The tides

What is a tide?

On some parts of the coastline, it is possible to observe the sea going out and coming back in several hours later, in a ceaseless to-and-fro motion. The sea level can therefore be seen to vary along certain parts of the French coastline, and this cyclical movement of the sea level corresponds to what we call tides. These tides can be seen quite clearly on the Atlantic and Channel and North Sea coasts, but remain very subtle in the Mediterranean.

Parts played by the Moon and Sun

Tides are explained by the movement of the seas and oceans, which fall under the gravitational pull of the Moon and Sun (that is the force of attraction that the Sun and Moon exercise on the oceans’ water masses). The Sun and the Moon move round the Earth, and the intensity of the tides changes based on their relative position to the Earth: 
When the Sun, Earth and Moon are aligned, the pull exercised by the Moon and the Sun is added together, and the sea, and ocean water masses are subject to these stars’ additional pull, the tides are strongest as a result. These are called spring tides. 
When the Moon, Earth, and Sun form a right angle, the tides are weakest and are called neap tides.

Between high and low tides

The difference in height between high and low tide is called “the tidal range”. And this tidal range is not the same everywhere. It can be weaker in the Mediterranean, with a tidal range of around 40 centimeters, or stronger in the Channel, on the Baie du Mont Saint-Michel side, with a tidal range of around 14 meters. And, viewed from a given position on the coastline, the tidal range can also vary according to the time of year (and more precisely according to the tidal cycle). The tidal range is very helpful for giving an idea of the importance of the tide for a given place. However it is not enough when comparing the importance of two tides in two different places.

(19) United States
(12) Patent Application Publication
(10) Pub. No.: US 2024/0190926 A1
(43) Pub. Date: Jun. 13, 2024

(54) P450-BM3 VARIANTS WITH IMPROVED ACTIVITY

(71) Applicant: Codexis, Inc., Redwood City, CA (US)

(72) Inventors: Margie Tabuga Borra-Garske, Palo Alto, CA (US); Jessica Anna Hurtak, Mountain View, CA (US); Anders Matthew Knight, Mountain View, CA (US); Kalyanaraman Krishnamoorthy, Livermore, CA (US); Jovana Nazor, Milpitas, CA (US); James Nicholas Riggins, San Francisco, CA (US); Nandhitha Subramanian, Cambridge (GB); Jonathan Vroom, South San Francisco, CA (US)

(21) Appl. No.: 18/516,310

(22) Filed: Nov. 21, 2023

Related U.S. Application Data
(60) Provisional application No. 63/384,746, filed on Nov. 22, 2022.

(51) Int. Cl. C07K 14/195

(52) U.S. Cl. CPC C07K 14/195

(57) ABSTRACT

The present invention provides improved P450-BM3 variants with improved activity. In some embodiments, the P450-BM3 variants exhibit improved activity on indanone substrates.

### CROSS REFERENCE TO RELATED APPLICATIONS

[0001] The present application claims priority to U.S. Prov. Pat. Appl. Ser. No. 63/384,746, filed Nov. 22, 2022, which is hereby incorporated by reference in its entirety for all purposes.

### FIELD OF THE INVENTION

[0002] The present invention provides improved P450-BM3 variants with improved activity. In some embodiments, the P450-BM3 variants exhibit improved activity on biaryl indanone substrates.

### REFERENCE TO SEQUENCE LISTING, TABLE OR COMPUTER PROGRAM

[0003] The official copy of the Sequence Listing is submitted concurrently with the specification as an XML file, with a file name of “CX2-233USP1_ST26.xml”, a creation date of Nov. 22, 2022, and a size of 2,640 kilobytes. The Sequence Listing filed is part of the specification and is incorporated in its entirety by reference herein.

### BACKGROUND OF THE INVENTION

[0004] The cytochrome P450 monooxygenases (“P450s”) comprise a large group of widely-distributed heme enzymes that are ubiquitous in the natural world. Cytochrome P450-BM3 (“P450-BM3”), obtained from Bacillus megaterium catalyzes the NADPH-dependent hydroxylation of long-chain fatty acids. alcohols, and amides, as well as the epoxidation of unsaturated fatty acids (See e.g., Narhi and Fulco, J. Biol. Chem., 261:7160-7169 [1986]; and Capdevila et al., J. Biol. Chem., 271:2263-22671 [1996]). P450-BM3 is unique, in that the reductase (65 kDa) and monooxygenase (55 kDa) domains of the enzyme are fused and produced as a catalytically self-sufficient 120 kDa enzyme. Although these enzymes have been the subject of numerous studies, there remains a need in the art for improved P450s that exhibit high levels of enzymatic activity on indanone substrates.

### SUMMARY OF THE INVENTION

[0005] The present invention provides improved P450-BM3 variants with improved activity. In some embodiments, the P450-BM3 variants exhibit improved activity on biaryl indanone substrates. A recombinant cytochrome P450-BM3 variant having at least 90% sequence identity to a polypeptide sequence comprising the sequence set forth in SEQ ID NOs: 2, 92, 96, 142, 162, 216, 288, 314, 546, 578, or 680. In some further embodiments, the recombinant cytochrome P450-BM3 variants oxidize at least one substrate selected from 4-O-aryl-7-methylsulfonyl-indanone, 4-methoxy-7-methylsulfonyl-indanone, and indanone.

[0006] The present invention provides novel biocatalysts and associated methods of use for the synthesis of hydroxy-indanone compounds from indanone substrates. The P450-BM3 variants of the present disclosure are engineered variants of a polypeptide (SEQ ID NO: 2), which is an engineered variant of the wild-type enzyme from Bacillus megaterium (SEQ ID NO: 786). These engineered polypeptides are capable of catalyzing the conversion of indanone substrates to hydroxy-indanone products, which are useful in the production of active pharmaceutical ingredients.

How to know if the tides are important or not?

In order to compare the force of the tides on any site, the Service Hydrographique et d’Océanographie de la Marine (SHOM) has defined a tidal coefficient for France. This consists of a number, between 20 and 120, which gives an idea of the size of a tide.


  • 20 = exceptional neap tide
  • 45 = a medium neap tide
  • 70 = a medium tide
  • 95 = a medium spring tide
  • 120 = an exceptional spring tide


These tidal coefficients are available free on the Internet, or at the local tourism office.

Don’t get caught out by the rising tide

Going out along the coastline is not risk-free, particularly on the Atlantic and Channel and North Sea coastlines, where the tides are quite pronounced. Some lookout and safety rulesneed to be kept in mind when visiting an intertidal zone that becomes submerged due to tidal change. There is a danger, for example, if you are not careful, that you could become engulfed on a rocky islet by the rising tide. Also, despite your vigilance, you could be caught out by the speed of the rising tide in the particular site where you are.

To avoid these risky situations in general, pay attention to the following instructions:


  1. Have you checked the times of the tides for the site that you are going to visit (at what time does the tide go out? At what time is it at its lowest (what is called the “slack tide”?) And at what time does it start to come in again?),
  2. Take a watch with you and set an alarm if you have one.
  3. Start back at the latest when the sea is low. Do not take the risk of waiting for the rising tide before starting to return to land.


To learn more, consult:
The Service Hydrographique et d’Océanographie de la Marine (SHOM)